1. Heavy-Duty Cords

Heavy-duty extension cords are perfect for use in handling around 10 to 15 amps power supply. These cords come grounded and include a plug prong and third wire for grounding purposes. Heavy-duty extension cords also have three slots in their plugs for receiving grounded cords and are mostly meant for heating appliances and tools that draw up to 15 amps.

How to Choose Cords According to Your Appliances

  1. Table lamp

For your table lamps, use an 18-gauge light-duty extension cord. Such a cord can handle even seven amps of power and will run for almost 25 feet allowing you to extend it to where you want, including the nightstand.

  1. Laptop

For small appliances such as laptops, a medium-duty cord is the best choice as it is a general-purpose tool hence helping you charge your laptop safely without tampering with the battery.

  1. Leaf Blower

If your leaf blowers use around 12 amps or less, then the 16-gauge light-duty cords are what you should look for. For the 14-gauge medium dusty cords, only use them when dealing with blowers that use higher amps or when you need the cord to cover a longer distance.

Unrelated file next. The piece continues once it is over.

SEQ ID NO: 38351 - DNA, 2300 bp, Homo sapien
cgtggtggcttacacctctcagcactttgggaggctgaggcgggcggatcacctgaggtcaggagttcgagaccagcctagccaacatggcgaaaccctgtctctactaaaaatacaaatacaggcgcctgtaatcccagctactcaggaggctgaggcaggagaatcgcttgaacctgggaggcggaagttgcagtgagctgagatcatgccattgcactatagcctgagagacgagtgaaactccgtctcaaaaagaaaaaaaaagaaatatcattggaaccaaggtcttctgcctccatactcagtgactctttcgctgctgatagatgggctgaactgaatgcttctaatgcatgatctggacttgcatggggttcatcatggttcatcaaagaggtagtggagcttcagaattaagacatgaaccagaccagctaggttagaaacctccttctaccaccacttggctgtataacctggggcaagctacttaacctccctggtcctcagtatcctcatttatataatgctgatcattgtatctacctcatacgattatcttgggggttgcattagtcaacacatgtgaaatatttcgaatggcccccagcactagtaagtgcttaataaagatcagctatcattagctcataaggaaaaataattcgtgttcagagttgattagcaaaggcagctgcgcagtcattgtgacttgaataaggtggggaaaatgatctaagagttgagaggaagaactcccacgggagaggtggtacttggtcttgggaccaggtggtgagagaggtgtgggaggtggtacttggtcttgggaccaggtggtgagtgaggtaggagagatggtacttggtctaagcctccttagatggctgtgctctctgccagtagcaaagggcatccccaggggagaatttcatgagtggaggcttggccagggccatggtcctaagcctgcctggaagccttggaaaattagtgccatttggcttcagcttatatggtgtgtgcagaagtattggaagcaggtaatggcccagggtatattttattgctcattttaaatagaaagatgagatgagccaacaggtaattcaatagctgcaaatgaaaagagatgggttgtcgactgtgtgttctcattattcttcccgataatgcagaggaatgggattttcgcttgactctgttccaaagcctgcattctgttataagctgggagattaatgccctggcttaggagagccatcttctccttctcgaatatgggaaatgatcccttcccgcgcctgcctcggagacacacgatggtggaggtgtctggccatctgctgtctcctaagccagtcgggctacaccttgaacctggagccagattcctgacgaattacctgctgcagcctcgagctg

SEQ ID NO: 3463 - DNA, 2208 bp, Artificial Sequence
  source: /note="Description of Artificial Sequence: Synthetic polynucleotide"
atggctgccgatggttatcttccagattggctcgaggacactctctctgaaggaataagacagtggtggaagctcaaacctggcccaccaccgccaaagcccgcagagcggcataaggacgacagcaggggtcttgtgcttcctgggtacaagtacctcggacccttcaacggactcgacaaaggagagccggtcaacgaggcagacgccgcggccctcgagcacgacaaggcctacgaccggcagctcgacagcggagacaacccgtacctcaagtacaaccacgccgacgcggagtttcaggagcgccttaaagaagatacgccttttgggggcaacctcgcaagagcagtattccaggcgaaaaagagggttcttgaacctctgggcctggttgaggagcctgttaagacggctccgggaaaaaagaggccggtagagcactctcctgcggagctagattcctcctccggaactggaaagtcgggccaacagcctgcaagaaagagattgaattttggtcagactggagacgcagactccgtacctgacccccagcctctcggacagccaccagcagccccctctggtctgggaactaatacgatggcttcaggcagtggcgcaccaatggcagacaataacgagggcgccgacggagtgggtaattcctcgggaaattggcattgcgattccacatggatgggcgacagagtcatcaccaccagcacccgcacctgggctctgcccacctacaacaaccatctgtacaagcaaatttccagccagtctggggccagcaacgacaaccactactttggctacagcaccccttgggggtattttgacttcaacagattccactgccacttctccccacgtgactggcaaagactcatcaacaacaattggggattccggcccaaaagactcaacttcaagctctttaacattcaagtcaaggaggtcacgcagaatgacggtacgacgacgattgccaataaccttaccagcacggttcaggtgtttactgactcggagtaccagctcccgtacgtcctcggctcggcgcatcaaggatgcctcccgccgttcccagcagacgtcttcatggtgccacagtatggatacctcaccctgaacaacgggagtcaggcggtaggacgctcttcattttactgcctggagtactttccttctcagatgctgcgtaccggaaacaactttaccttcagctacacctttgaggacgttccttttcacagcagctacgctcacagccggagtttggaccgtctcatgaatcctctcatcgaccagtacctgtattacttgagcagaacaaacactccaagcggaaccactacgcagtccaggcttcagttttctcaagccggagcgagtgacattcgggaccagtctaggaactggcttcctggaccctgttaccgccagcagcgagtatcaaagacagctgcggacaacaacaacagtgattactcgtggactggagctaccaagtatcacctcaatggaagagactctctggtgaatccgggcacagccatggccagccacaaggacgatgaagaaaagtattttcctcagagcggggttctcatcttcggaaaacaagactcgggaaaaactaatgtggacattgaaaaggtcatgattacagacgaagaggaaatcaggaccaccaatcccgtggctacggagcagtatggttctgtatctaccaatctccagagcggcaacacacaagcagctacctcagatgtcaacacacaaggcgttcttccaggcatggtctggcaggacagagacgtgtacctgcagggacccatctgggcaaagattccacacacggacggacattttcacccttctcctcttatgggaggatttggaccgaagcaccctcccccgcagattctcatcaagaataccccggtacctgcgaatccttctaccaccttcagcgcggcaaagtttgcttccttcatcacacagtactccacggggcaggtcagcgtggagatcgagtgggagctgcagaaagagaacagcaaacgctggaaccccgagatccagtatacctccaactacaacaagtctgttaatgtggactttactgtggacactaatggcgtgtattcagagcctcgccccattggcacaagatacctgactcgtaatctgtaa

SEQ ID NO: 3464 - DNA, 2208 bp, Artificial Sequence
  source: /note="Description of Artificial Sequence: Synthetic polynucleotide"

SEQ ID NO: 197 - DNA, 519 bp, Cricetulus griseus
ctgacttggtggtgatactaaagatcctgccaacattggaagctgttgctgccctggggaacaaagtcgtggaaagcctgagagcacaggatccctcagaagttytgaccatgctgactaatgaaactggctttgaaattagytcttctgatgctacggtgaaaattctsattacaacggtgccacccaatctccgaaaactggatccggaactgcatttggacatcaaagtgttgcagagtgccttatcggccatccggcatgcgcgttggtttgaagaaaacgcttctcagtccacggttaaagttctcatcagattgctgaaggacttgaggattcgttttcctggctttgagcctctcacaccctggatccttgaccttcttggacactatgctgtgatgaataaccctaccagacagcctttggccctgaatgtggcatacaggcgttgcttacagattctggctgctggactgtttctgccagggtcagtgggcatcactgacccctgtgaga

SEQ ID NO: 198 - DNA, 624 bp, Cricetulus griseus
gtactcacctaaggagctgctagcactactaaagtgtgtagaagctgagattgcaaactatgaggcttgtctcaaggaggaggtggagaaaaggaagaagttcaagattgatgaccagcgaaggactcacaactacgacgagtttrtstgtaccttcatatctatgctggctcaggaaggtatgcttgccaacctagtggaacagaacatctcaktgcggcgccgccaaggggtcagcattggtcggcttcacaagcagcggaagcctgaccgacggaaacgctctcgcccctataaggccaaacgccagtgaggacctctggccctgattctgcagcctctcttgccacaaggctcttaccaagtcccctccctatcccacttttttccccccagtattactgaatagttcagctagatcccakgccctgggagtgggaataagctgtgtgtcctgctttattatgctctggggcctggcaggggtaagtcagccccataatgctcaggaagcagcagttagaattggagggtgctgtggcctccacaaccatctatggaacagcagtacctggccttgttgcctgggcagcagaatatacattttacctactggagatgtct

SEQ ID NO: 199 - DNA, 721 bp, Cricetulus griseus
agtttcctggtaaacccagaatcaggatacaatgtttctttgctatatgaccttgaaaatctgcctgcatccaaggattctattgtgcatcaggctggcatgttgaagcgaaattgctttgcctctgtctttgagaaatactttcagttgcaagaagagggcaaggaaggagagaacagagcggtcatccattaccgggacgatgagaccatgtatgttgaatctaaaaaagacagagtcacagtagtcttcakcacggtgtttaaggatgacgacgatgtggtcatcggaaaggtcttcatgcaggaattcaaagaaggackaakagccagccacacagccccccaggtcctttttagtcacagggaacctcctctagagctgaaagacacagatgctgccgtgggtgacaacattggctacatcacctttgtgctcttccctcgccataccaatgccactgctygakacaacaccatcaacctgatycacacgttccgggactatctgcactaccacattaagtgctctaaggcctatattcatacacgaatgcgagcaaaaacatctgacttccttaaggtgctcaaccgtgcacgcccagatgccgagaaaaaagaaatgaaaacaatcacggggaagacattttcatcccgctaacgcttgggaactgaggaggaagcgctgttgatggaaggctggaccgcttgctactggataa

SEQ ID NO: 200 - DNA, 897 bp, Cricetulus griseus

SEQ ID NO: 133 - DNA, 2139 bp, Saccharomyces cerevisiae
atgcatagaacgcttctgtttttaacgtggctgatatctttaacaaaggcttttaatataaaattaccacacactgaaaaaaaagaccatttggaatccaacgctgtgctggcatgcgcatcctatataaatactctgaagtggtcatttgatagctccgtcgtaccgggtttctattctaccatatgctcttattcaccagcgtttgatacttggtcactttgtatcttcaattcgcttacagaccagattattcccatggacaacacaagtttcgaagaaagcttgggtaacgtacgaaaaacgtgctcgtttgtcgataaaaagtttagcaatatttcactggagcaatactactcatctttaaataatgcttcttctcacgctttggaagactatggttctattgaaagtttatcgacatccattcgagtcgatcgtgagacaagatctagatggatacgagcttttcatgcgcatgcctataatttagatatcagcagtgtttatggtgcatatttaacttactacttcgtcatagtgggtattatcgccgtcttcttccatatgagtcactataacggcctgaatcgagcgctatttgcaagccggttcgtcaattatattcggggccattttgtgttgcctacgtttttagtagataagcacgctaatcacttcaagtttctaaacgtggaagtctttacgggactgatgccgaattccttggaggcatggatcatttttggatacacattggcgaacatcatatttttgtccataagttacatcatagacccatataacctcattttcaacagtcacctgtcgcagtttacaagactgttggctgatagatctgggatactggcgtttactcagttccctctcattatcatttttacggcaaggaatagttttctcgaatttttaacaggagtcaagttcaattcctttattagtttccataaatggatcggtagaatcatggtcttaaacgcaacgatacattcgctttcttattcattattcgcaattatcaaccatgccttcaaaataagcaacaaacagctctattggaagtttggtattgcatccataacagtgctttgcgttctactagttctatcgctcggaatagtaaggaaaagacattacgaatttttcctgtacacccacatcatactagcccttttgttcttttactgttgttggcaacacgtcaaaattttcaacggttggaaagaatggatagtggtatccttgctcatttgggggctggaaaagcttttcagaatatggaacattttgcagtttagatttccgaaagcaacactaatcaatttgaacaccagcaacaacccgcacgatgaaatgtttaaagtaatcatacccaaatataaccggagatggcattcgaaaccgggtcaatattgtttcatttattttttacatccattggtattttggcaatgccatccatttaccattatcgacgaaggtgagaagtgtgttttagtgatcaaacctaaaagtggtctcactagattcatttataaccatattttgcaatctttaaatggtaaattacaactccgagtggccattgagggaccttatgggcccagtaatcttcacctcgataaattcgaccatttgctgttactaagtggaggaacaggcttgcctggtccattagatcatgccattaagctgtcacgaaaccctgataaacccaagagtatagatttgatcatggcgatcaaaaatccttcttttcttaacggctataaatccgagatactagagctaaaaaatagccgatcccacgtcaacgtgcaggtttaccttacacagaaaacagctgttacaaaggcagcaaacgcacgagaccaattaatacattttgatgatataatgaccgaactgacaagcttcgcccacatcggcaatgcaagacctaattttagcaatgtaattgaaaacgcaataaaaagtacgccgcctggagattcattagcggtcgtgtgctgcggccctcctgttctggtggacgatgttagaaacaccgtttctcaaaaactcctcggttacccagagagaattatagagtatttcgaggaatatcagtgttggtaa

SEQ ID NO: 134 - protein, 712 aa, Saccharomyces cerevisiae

1. Treadmill

Most treadmill manufacturers discourage people from using extension cords. However, if you can’t move the treadmill close to the socket, then use the cords designed for treadmills.

  1. Toaster

Heat producing devices or appliances such as irons, coffee pots, and toasters, draw about 10-12 amps, which is higher than the limit of most indoors cords. For such cases, it is better to use the power outlets in the kitchen.

  1. Bug Zapper and Portable Compressor

For the bug zapper, use the 16-gauge extension cord. A short one is enough to keep your lamp cooking. The best cord for the portable compressor is the ten gauge as it is heavy-duty. This cord will help you put air in your flat tire even when almost 100 feet away from the source.

  1. Holiday Lights

For these, use a 26-gauge extension cord when you want them to extend for about 15 feet. If you want your holiday lights to go up to 25 feet or even more, then you must use the 14-gauge extension cord. When buying a cord for your holiday lights, you should buy one with a suitable length. Buying several to chain them together is usually not safe.

Moving to a new house can be hectic as it sometimes involves buying new electrical appliances and dealing with a different layout and design of electrical sockets.  However, it doesn’t have to be hard when you know how different cords work and which are the best for various appliances. With this information in mind, you can now determine which wires are more suitable for your devices before committing yourself.

About The Author: Jessica Smith has been writing for a few years now. She loves cooking, traveling and dancing. She wants to be a successful writer as writing is her only passion.


Photos by Pixabay from Pexels & Images by rawpixel, A3DigitalStudioАлексей Смирнов from Pixabay